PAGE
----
Heretofore ex-Governor Young has made it a prac-tice to take a tour in "the country" every Summer, generally for a month or so. Now he goes, with his numerous cavalcade of family of friends, to Iron County, in the south. Again, to Salmon River in the north. These tripe partook of the double nature of "vacation tour" and exploring expedition, pleasure and business being blended. Whether from the pres-ence of the army and other Gentiles, from the general unsettled feelings which exist in the breasts of some, or some other cause, I know not, but this Summer no such trip has been indulged in by the Mormon chief. A trip of a day or two up Cottonwood or City Creek cañon, or to Stansbury's island, on Salt Lake, has been the extent of gypsying excursions the present Summer, though surmise that, if all things had been as satis-factory in Mormondom to Mormons this as in the past years, the White Mountains on the south-west, on Bear River Valley on the north-east would have been the theater of a Mormon surprise visit.
Improvements are going on with considerable energy and perseverance, considering the circumstances of the citizens for the bust two years. In this city numerous private houses are building, also a few stores. The dam in the Jordan River is being vigorously prose-cuted, and is expected to be completed this year. This will enable the farmers of this city and vicinity to water hundreds of acres of rich bottom land, and add materially to the wealth of this district.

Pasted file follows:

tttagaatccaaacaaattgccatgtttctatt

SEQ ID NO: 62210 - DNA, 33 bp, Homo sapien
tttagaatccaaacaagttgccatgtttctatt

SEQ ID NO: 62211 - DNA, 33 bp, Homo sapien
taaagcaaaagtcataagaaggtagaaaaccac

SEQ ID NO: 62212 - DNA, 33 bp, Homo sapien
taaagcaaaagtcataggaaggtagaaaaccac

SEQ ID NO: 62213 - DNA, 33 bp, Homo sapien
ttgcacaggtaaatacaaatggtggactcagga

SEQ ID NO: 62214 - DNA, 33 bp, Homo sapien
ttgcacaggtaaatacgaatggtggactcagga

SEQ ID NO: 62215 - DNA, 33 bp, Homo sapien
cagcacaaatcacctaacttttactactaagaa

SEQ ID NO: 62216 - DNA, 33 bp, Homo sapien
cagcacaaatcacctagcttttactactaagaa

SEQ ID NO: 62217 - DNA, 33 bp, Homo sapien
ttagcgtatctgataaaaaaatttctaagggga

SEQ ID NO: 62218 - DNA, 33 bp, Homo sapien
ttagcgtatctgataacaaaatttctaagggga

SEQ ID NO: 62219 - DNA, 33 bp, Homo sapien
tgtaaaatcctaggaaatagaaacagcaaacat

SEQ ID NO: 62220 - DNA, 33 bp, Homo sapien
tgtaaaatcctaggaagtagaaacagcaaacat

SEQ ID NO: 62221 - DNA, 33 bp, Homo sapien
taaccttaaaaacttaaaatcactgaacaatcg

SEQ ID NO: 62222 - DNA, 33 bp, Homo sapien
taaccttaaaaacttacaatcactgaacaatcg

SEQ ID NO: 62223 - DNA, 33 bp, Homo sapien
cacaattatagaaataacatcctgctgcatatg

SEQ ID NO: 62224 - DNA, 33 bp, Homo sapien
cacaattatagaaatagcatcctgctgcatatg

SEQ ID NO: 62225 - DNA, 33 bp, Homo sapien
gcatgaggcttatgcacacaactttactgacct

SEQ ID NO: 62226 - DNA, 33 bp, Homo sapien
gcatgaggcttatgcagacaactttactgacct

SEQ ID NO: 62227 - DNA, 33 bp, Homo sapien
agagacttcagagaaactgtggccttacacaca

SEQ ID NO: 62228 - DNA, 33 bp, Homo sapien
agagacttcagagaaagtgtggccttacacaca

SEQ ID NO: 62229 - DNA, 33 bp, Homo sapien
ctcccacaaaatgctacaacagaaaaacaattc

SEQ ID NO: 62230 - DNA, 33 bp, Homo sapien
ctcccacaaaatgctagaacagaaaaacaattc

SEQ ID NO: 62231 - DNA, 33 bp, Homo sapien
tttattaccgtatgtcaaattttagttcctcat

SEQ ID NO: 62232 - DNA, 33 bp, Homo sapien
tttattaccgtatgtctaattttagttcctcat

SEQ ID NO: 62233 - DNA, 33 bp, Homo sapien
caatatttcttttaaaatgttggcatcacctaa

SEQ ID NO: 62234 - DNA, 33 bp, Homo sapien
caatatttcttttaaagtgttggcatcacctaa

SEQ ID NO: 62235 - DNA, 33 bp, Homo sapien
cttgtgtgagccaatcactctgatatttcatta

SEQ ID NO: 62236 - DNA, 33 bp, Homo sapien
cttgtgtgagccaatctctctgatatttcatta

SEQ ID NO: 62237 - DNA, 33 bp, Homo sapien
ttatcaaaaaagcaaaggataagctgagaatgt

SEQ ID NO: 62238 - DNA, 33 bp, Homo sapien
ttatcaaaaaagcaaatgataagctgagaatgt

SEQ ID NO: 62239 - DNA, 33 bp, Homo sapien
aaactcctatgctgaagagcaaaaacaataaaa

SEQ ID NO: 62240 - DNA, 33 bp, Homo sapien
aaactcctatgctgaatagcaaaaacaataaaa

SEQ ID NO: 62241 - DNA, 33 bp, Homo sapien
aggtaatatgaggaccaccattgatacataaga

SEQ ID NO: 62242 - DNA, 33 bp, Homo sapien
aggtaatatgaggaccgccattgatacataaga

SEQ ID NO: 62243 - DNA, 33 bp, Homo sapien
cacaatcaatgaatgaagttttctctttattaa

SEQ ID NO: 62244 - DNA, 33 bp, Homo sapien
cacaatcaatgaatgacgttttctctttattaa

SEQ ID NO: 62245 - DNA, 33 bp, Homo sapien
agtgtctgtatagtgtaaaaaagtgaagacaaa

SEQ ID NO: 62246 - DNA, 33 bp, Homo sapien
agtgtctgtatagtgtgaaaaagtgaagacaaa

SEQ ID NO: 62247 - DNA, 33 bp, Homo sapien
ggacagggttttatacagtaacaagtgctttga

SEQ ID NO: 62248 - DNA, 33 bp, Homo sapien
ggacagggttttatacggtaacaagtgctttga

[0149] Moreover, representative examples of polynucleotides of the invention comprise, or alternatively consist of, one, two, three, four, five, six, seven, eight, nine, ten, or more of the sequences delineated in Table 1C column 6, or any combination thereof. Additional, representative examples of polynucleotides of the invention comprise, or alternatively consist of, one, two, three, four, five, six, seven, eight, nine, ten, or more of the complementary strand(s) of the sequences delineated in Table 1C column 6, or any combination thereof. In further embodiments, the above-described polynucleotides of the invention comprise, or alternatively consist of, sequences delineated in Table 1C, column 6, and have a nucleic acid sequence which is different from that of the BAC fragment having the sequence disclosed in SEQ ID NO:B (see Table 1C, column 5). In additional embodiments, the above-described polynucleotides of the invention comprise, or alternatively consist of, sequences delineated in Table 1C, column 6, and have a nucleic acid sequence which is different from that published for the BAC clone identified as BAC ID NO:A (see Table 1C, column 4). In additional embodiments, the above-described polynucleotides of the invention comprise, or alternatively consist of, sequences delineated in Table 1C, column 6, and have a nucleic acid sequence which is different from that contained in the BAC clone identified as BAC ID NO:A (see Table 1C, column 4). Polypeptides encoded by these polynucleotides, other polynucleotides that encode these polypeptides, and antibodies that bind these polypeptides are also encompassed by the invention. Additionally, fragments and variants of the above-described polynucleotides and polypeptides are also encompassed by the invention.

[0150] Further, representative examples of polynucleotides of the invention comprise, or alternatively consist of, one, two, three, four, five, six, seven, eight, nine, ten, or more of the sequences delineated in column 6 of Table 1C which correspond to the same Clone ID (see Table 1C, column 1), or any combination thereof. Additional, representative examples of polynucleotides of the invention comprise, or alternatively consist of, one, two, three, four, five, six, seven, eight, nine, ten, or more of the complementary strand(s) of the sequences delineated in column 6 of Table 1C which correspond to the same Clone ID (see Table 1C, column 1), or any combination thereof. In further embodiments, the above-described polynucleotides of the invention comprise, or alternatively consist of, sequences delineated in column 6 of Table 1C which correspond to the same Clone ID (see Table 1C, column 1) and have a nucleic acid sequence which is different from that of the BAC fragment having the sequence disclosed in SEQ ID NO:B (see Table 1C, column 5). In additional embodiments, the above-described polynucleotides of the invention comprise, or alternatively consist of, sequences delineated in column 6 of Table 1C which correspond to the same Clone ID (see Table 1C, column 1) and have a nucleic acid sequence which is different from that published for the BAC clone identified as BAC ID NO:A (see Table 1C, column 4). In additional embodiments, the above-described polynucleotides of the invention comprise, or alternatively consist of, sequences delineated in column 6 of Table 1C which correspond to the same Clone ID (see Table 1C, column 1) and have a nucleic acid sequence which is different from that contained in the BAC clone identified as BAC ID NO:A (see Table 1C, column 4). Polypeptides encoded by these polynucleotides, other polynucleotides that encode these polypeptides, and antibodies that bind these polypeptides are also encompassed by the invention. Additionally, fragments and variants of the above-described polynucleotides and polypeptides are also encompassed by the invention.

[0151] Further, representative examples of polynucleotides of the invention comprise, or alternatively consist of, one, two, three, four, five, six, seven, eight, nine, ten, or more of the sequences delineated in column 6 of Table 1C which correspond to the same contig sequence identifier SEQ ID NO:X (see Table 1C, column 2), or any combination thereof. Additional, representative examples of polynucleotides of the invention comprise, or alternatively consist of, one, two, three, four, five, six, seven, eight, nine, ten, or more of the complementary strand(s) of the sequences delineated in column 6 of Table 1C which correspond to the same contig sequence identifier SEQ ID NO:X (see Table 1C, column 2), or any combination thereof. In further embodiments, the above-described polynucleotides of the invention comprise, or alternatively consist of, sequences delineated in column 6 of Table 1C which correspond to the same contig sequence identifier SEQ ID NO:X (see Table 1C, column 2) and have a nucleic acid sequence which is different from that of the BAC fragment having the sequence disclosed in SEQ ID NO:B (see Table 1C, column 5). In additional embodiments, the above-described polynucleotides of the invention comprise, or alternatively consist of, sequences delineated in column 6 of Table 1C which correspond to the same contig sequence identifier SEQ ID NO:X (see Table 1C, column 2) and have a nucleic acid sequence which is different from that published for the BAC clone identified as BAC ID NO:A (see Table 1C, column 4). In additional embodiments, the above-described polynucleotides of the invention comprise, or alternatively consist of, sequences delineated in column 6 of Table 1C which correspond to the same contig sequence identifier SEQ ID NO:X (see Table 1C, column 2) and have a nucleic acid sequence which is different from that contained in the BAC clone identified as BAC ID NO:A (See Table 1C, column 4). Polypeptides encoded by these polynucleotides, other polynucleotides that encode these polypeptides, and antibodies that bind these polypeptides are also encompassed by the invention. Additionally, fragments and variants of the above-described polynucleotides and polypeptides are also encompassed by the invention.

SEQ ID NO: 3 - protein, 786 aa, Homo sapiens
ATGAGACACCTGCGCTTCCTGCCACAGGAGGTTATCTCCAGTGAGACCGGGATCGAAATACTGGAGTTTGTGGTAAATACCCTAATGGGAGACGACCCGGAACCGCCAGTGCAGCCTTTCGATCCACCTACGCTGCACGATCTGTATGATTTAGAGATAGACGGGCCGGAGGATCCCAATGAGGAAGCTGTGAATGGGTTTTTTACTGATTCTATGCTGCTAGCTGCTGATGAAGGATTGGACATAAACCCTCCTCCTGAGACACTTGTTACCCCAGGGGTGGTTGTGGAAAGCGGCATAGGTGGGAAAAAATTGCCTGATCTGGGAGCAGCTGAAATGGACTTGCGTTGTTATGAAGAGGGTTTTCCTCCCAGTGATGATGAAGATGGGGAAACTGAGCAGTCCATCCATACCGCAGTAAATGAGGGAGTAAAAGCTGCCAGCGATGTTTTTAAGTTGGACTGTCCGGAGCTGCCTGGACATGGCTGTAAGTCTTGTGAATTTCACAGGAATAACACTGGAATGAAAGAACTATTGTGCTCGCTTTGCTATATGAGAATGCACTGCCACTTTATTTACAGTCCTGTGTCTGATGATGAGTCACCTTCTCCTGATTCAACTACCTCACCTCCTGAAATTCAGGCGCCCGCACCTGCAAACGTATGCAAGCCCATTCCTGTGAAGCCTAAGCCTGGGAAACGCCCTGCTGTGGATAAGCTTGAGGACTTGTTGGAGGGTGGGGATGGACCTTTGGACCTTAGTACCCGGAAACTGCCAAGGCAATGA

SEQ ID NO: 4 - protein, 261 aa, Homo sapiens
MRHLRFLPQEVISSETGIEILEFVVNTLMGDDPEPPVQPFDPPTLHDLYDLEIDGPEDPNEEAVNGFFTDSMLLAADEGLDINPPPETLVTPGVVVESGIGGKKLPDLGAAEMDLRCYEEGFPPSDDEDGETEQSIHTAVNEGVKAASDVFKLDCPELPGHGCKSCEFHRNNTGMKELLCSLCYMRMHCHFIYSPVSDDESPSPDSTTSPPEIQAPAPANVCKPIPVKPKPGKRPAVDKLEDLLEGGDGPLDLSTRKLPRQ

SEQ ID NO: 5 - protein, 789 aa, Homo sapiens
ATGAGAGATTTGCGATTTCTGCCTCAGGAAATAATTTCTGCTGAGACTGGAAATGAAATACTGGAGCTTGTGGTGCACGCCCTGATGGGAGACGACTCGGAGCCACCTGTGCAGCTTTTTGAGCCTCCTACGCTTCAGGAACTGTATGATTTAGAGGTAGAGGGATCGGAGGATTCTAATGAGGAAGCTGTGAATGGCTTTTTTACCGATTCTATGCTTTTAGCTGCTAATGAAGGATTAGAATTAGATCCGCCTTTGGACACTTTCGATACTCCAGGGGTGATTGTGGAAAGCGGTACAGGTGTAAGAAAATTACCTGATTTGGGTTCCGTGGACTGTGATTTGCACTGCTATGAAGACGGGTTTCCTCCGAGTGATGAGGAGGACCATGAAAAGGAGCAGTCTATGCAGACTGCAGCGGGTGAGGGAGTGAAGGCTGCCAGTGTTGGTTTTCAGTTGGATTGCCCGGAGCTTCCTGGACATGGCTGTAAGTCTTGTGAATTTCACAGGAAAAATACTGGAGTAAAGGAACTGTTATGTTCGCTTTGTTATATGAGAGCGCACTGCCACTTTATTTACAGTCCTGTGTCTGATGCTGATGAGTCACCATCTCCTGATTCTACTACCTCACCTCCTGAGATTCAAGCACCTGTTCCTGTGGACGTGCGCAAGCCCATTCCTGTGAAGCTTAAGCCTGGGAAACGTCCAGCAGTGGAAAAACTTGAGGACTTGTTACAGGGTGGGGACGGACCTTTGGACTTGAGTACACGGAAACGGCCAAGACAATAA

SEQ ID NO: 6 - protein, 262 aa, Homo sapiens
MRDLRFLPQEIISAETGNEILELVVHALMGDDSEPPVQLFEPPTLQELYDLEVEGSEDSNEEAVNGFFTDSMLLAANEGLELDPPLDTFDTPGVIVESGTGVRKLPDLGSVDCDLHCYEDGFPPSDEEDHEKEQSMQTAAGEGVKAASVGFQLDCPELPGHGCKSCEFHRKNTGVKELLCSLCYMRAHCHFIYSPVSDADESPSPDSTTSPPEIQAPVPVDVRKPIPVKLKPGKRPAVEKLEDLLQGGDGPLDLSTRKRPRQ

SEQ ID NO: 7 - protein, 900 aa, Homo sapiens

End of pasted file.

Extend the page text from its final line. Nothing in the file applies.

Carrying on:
Quite a number of new settlements have been made this Summer. In the large, well-wooded, well-grassed, and fertile Cache Valley , 80 miles north, six new settlements have been made, which the Mormon Apostles (Hyde and Benson) have just organized eccle-siastically into "wards," with their respective "bish-ops" and "counselors," and collectively into a "Stake of Zion," with its "President" and his "coun-selors," also a "high council."
Excellent crops of grain have been raised this sea-son, Eight thousand bushels of wheat was calculated upon in that valley; but that amount has already been threshed, and it is now supposed that there is one-third yet to be thrashed. Cache Valley promises to be one of the best valleys settled in this basin.
Provo Valley, on the South east, up Provo Canon, a small valley, has also been partially settled this Sum-mer, probably by about forty families. For grass, water, soil, and almost for wood, this valley equals Cache Valley, but is small, being probably fifteen miles long by ten wide. Good crops of wheat have been raised there this season, but some of it was nipped by the frosts. There has been one or two set-tlements made in San Pete Valley this Summer, 140 miles south east. This valley cannot be surpassed in this region for wood, water, rich land, stone and coal. But all the three above-named valleys are situated at a great altitude, and are subject to heavy snow storms, and early and late frosts. Yet for grass and wheat-growing they promise to rank as high as any valley in this Territory.
Minersville, on the Beaver, 200 miles south, anew settlement, has also received of the benefits of eccle-siastical organization, being constituted a "ward," governed by its respective "bishop," with his "coun-selors." The chief feature of this settlement is the production of excellent lead. DELTA.